The Obiter Truth: The Ask

The Obiter Truth is a catalogue of everyday experiences in the life of a young lawyer hoping to find humour in the bizarre and sense in the chaos.
Manini Brar
Manini Brar

There is a heart on the table. Why do coffee makers always choose hearts? They can make anything with froth. Shoes. A kite. I suppose a heart adds a layer of niceness over forced conversations. I would’ve much rather sent an email, “by way of introduction-” I am amazing “-I look forward to the opportunity of working with you”, and spent this Saturday morning stroking my dog’s head from the TV couch. But here I am, sipping the coffee chalice with a total stranger in the name of networking, hoping to be baptised into the faith of the successful.

Don’t ask me what that is. All I know is there is a certain LinkedIn head-tilted mugshot, arms-folded across a pinstripe suit with a congenial smile, which, if used repeatedly on conference flyers, is said to acquire the powers of a sigil that attracts clients. It could well be folklore. But it is said that in order to get that sigil, one has to drown in a hundred coffees, decipher a hundred WhatsApp group chats, and brave the sidelines of countless events. The sidelines are the worst. I’ve stood pasted against a wall for hours, wishing the whitewash would take me. Not that I can’t hold my own in a crowd, but when judges appear at eye-level having things like backs of heads and humanly heights, the cuboid of my life falls flat. I get a bit green about the gills, not knowing whether to stand in attention, or bow. Maybe curtsy? Maybe smile? So, I end up attempting them altogether in an awkward forward bend and drawn jawline which could well look like a case of tummy poisoning.

Anyway, this is just coffee. His holiness, the bearer of a possible month-on-month retainer that might single-handedly salvage my practice, is seated across the table. He has refused everything to eat. He is intermittent fasting, you see. Just coffee then? No, no. He doesn’t like coffee.

He must be either joking or that rare idiotic bird known to head-bang into trees for no reason. Why agree to coffee without any intention of drinking it? In moments of uncertainty with a client, I tend to oscillate between excessive laughter and deep thought, depending on whether the bird fancies itself witty or wise. I haw-haw and slap the knee a bit.

He doesn’t smile back. “Our body doesn’t need the amount of food we eat, you know,” he says.

Wise it is. I jump to a sagacious nod, “Of course it doesn’t. One can live on clean water and fresh air,” and then, in another attempt at bonhomie, “just not in Delhi, haha!”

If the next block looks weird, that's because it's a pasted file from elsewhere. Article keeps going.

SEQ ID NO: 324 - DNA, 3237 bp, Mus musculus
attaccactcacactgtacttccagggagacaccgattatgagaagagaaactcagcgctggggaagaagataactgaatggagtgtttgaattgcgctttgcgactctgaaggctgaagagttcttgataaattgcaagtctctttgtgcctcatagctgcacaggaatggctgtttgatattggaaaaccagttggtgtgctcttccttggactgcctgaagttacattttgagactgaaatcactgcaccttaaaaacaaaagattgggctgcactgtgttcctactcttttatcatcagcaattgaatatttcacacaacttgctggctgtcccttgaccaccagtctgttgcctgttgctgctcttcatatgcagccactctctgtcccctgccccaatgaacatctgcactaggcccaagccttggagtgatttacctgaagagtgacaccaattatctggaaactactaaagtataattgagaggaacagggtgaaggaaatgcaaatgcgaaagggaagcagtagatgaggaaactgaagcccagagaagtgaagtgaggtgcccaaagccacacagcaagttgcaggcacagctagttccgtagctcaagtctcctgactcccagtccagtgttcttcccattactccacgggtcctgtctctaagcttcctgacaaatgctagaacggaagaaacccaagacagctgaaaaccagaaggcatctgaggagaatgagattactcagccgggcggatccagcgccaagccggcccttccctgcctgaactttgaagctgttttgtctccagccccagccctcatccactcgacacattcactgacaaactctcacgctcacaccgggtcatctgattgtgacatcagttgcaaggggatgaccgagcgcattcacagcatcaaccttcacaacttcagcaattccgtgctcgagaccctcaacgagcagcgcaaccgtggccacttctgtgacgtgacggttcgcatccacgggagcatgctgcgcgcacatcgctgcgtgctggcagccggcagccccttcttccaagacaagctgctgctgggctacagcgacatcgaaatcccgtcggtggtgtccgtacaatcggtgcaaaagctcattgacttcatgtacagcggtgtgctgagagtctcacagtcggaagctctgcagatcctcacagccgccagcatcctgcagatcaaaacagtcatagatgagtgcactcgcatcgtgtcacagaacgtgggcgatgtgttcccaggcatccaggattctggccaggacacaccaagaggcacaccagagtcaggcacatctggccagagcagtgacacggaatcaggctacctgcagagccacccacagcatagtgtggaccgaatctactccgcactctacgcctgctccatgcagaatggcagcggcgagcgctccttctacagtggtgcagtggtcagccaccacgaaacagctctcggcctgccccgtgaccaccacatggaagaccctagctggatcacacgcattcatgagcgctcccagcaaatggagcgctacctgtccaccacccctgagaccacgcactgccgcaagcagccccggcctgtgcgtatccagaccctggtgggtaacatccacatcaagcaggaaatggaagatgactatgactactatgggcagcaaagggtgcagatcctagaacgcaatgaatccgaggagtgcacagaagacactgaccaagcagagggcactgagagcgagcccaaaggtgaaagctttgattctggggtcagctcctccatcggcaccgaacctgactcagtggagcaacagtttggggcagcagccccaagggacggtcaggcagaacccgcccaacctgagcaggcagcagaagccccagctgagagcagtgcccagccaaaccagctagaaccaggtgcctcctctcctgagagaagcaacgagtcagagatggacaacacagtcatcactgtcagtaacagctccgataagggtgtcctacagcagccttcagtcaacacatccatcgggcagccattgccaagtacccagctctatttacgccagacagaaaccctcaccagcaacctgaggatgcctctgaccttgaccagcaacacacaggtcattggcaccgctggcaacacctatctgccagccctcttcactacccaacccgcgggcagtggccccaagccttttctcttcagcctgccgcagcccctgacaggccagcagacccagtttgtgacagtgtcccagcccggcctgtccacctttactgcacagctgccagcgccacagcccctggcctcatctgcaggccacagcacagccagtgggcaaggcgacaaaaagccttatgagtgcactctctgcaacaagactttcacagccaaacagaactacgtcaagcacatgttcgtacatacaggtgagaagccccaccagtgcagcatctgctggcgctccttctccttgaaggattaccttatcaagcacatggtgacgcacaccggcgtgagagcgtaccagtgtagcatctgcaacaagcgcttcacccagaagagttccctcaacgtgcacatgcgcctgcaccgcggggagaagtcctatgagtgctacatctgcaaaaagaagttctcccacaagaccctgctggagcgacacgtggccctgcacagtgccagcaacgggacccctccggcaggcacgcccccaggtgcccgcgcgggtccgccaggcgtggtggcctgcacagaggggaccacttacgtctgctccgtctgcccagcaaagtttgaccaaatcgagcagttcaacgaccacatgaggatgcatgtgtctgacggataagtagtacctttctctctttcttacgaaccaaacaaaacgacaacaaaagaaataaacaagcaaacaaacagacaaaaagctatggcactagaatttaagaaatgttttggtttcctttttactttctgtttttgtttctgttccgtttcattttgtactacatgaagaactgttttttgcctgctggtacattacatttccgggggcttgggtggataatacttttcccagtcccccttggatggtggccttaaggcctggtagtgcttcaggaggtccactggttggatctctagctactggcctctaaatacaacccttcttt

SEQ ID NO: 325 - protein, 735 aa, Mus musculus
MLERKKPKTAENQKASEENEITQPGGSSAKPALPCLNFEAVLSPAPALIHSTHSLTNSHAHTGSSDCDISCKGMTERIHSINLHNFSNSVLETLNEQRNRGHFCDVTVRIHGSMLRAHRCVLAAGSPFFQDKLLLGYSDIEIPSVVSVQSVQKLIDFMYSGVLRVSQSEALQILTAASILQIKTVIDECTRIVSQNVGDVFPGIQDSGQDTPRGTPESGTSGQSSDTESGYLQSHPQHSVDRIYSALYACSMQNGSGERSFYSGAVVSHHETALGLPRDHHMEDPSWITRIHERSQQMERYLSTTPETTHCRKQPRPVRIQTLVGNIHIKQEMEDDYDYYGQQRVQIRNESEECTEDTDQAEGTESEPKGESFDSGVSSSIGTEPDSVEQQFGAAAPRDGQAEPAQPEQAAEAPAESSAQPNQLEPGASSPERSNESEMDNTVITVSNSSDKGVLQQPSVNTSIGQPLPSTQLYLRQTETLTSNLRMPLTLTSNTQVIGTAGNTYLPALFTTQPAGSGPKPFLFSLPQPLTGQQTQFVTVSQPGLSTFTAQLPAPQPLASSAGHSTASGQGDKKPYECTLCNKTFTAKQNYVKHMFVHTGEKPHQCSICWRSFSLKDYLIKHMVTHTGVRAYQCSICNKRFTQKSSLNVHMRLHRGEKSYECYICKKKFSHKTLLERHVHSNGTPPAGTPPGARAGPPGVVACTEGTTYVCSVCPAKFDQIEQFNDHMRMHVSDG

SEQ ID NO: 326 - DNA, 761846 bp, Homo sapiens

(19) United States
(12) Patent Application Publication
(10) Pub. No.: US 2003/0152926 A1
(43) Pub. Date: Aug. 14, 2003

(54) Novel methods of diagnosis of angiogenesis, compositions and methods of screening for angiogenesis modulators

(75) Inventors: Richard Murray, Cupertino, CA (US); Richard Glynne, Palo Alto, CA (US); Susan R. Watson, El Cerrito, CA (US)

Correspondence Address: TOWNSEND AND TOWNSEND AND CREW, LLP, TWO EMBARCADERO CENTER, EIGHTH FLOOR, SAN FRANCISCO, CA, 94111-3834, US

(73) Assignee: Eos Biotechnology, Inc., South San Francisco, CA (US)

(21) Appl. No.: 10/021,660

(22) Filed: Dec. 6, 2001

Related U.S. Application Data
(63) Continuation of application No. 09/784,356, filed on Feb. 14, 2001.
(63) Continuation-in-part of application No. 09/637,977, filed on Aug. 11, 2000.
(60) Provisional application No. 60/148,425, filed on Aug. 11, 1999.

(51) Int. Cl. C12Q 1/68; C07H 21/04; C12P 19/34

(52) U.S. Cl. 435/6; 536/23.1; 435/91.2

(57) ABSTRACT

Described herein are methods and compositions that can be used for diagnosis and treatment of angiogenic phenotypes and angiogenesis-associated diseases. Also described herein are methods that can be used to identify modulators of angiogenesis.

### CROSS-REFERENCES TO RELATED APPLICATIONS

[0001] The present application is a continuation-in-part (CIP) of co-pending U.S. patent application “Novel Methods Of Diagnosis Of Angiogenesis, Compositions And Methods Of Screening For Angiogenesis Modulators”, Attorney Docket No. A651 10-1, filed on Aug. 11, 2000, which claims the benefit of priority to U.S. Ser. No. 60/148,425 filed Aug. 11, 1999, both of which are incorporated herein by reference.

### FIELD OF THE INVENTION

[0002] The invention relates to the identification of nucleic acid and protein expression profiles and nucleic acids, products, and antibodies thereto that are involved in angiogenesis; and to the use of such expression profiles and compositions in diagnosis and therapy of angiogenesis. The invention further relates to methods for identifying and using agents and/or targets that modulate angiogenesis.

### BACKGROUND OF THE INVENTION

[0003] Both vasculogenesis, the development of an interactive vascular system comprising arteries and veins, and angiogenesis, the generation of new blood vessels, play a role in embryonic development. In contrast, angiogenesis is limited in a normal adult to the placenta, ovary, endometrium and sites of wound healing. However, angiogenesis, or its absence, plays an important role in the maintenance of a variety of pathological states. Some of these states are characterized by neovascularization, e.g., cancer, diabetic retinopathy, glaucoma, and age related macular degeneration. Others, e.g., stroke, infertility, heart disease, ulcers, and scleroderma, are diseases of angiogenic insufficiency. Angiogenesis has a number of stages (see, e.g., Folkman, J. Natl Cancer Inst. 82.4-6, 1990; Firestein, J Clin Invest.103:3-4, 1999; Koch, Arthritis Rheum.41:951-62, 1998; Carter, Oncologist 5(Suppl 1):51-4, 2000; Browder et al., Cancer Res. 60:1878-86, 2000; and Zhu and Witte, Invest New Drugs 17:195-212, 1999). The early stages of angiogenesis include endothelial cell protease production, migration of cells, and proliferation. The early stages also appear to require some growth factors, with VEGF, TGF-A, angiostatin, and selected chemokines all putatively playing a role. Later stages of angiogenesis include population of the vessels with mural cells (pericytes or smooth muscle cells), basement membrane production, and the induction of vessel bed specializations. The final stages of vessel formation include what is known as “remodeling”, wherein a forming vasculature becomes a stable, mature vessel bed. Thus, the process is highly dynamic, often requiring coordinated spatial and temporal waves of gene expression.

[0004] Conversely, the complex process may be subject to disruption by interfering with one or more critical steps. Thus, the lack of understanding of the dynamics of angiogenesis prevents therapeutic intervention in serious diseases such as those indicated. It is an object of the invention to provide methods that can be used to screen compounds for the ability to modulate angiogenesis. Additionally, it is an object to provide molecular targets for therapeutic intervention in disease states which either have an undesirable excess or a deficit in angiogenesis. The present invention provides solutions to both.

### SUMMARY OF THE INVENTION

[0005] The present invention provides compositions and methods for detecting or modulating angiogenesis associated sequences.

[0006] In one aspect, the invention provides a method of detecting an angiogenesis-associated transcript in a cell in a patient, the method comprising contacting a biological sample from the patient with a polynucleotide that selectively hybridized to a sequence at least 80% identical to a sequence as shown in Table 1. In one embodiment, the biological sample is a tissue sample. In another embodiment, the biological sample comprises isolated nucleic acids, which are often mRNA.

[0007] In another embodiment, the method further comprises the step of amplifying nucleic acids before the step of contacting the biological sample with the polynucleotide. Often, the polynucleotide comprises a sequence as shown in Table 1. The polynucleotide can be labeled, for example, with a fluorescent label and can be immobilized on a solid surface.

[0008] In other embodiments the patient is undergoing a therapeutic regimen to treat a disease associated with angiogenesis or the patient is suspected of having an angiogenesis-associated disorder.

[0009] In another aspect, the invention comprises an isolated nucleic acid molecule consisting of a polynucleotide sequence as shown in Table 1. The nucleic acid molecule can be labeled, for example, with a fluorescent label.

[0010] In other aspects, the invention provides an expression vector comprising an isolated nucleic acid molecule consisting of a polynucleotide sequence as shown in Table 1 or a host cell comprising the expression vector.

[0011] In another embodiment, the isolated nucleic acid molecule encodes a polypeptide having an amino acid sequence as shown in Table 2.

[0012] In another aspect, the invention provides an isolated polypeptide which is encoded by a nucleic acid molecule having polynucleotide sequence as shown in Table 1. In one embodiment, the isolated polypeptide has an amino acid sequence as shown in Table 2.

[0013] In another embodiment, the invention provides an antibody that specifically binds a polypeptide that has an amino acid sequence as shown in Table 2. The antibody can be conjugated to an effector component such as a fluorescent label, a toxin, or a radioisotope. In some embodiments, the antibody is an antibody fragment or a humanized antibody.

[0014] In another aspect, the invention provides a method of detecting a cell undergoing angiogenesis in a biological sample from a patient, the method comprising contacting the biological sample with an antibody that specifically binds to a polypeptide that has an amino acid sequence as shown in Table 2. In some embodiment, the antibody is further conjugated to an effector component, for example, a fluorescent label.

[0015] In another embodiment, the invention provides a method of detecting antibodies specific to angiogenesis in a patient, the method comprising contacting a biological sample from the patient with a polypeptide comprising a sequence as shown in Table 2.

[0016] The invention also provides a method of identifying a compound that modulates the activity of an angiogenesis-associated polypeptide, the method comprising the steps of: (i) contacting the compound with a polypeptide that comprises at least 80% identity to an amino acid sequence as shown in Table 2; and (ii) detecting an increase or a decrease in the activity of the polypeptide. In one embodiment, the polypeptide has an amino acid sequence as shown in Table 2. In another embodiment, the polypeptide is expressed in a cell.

Not so much as an agreeable nod from the chap. Two guys in shorts seated across a plate of untouched donuts on the next table do me the courtesy of a smile. Daddy money for sure. I would never waste a donut.

His holiness is wearing trousers, thank god. It would be beneath my double-scholarship from Cambridge to pander to a client in shorts. Beyond that, we have no common ground. I’ve exhausted my creativity in trying to come up with non-lawyerly topics of conversation, gotten as far as female shoe fashion in courts and been rebuffed with his surprising lack of interest despite being the Chief Legal Officer at Sleek Shoes. I thought it might interest him that a rainbow of pink, green and glitter sometime peeps out beneath the black, like a final resistance of nature over form, a blooming tree in a jungle of regimentation, but I was wrong. I must turn the conversation towards work somehow. The heart in my cup is thinning out.

You have intermittent fasting and I have intermittent streams of income. No. Too needy. “Anyway, these days I have an appetite for good work, not food.” Smooth. Are you taking notes?

He may as well not have heard me. How do people do this networking thing? It is belittling to condense years of hard work into a side of biscuit for somebody to roll about the tongue, chew and spit out. I can see why some prefer golf. At least you can cobble the chappie in the game in return for the bruising to your ego. Best to drain the coffee and ask for the cheque.

A hand arrests my shoulder with an annoying thud. I grab it without looking up, ready to somersault the body through the air. 

“Hello Champions!”, says a sing-song voice. “Rajeshwar ji, Sleek Shoes is in good hands if she’s your lawyer. Or should I say, on good feet!”

Exactly. That’s basically what I wanted to say without actually saying it. Thank you, Mr.…one of the boys from the next table? Do I know this guy? He looks like that 20-something business grad I drafted a legal notice for about a decade ago.

“Arre! Kanan ji, such high praise from the CEO of High Kites!!” Yes, Kanan, that’s it. These are the guys behind those popular energy drinks. “But I am not the one who engages counsel for my company. Just a small-time legal manager. Engaging a lawyer is very high-level, political stuff. More for bosses like yourself.”

Wow. If only he had said so before agreeing to coffee and not drinking it. What a waste of time!

Or is it?

I smile my best smile at Mr. Kanan of High Kites and higher shorts, “Would you like to join us for coffee?”

Disclaimer: This piece is a work of fiction. Lawyers are prohibited from engaging in any form of advertising or solicitation of work under the BCI Rules. Advocates must appear in court at all times only in the prescribed dress, as per the Rules and any circulars issued by the appropriate court or other authority.

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